I started this expecting a mindless action flick. I was pleasantly surprised.

This is a sequel, and at the time of writing this review I have not seen the first movie. It stands alone comfortably – at no time did I find myself wondering what was happening. The preliminary rundown of the events leading up to the collapse of human civilization was brief, but informative enough that the viewer does not have to have watched the first movie.

The effects were completely believable. The ape characters were very realistic and it was simple to be immersed into the reality of the film and believe you were watching apes with this level of intelligence. I liked it that they mostly spoke in sign language (taught by human scientists, I assume) and I liked the lack of sub-titles, which were not necessary. While the viewer may not know exactly what is being said, context and body language gives enough information.

What I liked the most, however, was the fact that there are no black and white characters. When you have this kind of culture clash, them versus us, story, characters are often depicted in extremes. The good guys are often saintly, entirely reasonable and never prejudiced. The bad guys are just bad, unreasonable, and reject any compromise or discussion. I was very happy to see that this movie resisted that kind of unrealistic depiction.

There are four main characters here, a human and an ape protagonist, and a human and ape antagonist. Starting with the ‘good’ guys, the human Malcolm is not devoid of prejudice or fear. He is quite comfortable pointing a gun at the apes they first encounter. When his fellow humans insist they need access to the dam and start preparing to take it by force, he volunteers to go up there and try to talk to them first, but at no time does he try to talk the human leader out of his more violent plans. He is as fixated as the rest of the human group on the need for electric power and the need to return to how things used to be. He, like the rest of his group, does not attempt to look forward and find a new way of doing things. His understanding grows as he interacts more with the apes, until he does make a stand against a violent solution, and he can see beyond the ‘alien’ faces to the people underneath.

The ape protagonist is Caesar. Caesar is not very fond of humans, and he has good reason. His initial response on seeing the small group that has come into his territory is to tell them to go away. As many of his followers look quite happy to kill them he is showing some leniency even then. He also, quite wisely as it turns out, sends a small group to track the humans back to where they came from and find out what is going on. He is extremely suspicious of their motives, but he tries to give them the benefit of the doubt. Importantly, he believes that apes are better than humans. His interactions with the humans, particularly Malcolm, help him to understand that some humans can rise above their fear and prejudices. In the end he is something of a tragic figure, realizing that what he had been striving to avoid, war, was going to happen whether he wanted it to or not, and all he could do now was make sure his people survived.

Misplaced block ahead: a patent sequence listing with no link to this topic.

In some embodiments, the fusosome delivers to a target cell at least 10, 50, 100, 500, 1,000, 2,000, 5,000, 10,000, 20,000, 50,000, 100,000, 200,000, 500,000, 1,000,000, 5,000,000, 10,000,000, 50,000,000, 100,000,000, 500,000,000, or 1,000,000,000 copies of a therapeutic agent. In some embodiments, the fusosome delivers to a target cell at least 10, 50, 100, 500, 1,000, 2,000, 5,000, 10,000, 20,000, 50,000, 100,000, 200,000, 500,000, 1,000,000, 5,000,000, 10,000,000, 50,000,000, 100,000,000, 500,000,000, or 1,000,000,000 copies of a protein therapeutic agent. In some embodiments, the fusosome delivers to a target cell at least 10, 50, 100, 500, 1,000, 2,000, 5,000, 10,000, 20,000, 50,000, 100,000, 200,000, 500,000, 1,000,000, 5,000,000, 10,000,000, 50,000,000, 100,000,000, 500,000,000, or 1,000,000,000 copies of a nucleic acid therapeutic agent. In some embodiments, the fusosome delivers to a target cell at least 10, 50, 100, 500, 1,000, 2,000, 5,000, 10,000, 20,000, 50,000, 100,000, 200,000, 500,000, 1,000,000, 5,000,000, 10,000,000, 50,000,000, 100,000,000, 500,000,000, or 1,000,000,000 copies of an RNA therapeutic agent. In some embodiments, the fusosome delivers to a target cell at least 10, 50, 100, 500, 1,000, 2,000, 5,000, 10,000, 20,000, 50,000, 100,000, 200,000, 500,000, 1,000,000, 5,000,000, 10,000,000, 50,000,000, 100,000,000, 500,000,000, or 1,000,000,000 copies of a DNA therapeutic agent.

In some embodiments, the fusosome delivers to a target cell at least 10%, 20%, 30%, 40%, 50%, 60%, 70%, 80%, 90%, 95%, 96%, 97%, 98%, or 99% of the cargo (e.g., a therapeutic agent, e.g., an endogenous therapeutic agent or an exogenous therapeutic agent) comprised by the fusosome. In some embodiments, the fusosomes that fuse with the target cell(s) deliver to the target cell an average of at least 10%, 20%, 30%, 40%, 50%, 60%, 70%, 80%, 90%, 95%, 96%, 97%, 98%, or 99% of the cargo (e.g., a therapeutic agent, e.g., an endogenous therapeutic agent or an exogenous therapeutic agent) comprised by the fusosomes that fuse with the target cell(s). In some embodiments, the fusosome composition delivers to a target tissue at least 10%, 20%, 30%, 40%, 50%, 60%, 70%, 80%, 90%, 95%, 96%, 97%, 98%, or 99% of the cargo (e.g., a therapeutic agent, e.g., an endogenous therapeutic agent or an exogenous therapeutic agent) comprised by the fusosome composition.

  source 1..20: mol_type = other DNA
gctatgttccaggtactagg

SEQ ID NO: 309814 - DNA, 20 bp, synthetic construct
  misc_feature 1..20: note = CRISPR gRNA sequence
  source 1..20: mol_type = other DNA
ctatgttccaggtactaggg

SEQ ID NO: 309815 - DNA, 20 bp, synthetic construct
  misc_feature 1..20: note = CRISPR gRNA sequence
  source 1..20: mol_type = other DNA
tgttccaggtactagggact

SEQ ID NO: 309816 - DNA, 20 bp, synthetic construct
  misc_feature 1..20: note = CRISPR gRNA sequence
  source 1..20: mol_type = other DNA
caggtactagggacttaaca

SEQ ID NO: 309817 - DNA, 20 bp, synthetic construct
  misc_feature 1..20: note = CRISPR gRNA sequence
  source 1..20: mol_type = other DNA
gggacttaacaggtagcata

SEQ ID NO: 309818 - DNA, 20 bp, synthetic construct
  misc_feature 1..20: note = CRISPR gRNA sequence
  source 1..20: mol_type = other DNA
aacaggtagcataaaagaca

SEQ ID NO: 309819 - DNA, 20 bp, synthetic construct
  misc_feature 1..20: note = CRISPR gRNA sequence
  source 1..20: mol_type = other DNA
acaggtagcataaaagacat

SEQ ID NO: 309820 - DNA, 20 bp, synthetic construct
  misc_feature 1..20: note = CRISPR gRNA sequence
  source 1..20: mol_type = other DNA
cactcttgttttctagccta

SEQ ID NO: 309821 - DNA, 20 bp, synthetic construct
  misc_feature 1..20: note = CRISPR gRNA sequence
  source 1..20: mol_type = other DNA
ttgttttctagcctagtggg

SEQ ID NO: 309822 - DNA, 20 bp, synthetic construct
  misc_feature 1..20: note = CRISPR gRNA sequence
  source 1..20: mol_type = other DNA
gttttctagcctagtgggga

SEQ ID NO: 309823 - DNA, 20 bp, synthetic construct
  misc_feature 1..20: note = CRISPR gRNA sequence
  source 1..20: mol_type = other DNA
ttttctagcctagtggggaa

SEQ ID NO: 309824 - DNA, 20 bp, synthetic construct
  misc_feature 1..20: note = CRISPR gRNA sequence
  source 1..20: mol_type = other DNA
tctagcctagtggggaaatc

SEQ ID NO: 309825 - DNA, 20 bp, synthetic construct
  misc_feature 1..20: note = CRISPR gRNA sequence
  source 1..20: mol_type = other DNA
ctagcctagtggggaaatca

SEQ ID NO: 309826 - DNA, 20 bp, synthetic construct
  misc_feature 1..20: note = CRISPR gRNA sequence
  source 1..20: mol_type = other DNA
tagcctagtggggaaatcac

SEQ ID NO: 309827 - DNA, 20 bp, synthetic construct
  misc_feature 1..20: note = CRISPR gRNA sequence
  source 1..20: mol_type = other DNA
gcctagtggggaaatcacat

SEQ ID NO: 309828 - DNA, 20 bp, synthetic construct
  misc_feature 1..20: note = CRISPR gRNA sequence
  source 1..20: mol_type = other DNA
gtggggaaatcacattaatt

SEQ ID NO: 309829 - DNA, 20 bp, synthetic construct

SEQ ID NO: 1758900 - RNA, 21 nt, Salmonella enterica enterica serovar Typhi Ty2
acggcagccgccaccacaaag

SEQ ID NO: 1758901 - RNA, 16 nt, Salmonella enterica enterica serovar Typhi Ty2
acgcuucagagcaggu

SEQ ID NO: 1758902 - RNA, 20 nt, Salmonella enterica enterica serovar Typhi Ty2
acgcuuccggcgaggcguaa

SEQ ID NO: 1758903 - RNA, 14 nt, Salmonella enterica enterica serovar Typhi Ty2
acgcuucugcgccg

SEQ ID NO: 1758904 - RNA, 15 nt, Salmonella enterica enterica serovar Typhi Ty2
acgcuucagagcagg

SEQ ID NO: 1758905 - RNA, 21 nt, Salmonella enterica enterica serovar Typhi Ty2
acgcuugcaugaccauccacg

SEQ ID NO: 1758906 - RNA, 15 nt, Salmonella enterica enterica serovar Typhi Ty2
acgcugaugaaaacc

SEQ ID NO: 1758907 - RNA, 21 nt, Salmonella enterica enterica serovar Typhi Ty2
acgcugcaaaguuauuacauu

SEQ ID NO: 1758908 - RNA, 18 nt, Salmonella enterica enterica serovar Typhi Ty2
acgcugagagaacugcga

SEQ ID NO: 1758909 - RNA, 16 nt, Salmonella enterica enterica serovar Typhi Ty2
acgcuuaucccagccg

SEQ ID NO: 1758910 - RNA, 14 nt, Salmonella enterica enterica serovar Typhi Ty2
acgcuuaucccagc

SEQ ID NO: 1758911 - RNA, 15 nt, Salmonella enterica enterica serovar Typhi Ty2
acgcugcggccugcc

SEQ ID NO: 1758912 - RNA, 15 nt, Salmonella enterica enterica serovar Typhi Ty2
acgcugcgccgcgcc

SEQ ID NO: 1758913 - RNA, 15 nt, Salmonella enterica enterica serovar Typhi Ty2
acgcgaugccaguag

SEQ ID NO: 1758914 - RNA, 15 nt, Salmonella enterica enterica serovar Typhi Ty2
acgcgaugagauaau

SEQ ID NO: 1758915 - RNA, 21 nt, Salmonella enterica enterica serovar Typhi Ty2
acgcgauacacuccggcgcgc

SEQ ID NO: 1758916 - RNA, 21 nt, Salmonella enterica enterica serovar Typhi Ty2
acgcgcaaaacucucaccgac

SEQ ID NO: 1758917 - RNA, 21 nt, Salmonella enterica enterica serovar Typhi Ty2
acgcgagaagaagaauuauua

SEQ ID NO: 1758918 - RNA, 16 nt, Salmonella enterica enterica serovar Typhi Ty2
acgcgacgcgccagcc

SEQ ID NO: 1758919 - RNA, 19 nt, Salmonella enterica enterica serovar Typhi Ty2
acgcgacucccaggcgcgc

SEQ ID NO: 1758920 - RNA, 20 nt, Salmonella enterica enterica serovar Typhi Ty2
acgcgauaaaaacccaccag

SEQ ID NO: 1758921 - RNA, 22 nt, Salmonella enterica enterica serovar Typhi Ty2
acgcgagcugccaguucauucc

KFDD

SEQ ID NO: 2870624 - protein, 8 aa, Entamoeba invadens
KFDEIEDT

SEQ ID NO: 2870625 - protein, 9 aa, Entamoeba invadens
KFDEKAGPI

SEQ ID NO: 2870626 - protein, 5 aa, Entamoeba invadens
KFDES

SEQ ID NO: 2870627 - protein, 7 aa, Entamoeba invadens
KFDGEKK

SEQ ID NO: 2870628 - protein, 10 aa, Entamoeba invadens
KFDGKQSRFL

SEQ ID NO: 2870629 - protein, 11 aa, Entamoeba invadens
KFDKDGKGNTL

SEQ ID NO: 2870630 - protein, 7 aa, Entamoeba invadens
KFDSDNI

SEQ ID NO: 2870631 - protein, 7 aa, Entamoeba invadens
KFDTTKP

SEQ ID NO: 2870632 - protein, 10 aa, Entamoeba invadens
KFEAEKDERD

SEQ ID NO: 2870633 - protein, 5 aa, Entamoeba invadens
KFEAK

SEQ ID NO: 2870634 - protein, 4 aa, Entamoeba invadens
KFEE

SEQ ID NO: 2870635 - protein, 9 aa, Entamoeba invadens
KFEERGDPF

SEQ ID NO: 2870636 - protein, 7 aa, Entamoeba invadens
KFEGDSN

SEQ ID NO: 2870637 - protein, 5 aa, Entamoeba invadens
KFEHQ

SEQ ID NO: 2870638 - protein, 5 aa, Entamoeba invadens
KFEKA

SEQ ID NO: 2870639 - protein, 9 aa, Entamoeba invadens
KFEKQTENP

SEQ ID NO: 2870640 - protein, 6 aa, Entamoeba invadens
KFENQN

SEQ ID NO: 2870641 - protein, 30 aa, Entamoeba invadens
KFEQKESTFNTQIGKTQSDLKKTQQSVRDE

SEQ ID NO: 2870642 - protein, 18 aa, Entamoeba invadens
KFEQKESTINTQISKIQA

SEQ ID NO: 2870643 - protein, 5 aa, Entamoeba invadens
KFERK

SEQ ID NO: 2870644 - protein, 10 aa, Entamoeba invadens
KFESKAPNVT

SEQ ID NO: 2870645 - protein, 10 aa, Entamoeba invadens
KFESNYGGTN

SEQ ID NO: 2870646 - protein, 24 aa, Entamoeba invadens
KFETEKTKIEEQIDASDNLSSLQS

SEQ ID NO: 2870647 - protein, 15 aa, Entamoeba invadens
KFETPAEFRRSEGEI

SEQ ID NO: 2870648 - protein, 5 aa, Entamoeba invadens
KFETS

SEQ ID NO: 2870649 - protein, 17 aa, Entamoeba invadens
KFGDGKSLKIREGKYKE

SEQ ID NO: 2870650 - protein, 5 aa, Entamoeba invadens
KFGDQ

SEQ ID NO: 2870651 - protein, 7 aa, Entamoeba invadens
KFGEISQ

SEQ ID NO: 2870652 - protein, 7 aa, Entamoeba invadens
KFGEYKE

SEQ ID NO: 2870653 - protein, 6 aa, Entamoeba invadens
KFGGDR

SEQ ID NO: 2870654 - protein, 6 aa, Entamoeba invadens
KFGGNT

The human antagonist, Dreyfus, is the leader of the humans, and he does not see the apes as having rights. He is quite happy to gather weapons to take the dam by force, having no compunctions about ape lives in the face of human ‘necessity’. Like Malcolm, he wants to return things to the way they were, and he does not consider finding other alternatives. Unlike Malcolm, he does not alter in this view. In the face of the ape attack, he confidently tells his followers that the apes aren’t men, so can’t possibly win. This is soon revealed to be sheer ignorance on his part. But Dreyfus is not a bad guy. The human survivors have seen the loss from sickness or violence family members and friends. The sickness was called the ‘simian’ flu, and while it was created in a lab and is squarely the fault of human beings many humans equate it with the apes. Dreyfus has stepped up to lead in this instance and is a very strong and brave figure. He is misguided because he believes that human rights prevail, but he unshakeably believes his actions to be correct. “I am saving the human race” he says at the end, sacrificing his own life.  He is a sympathetic figure in spite of his misconceptions. I can believe that many people would act in this way under similar circumstances.

The ape antagonist, Koba, has many reasons to hate humans. He is heavily scarred, and he points to each scar saying ‘human work’ over and over. Consequently he does not like Caesar’s actions in letting humans have access to the dam. He believes that destroying humans is the way to keep apes safe. I think Koba starts the movie as a quite unstable personality. His attempts to challenge Caesar which both end in his domination by Caesar, don’t improve things. Koba’s hate of humans turns into a hatred of Caesar himself and the rules he has tried to encourage in his people. Koba becomes in essence what he hates – it is ironic that he despises humans but his use of assassination to gain power is a very human thing to do. His successful grab for power seems to tip him right over the edge, as he imprisons apes who don’t agree with him and murders his subjects to cow the rest into obedience. He is a classic dictator. However, while his aggressive behaviour is a real threat to the other characters, he is understandable. He is a victim of violence who responds with violence.

This film is truly excellent, and leaves you with much to ponder. See it if you can.

Click the link to buy the DVD

Dawn of the Planet of the Apes

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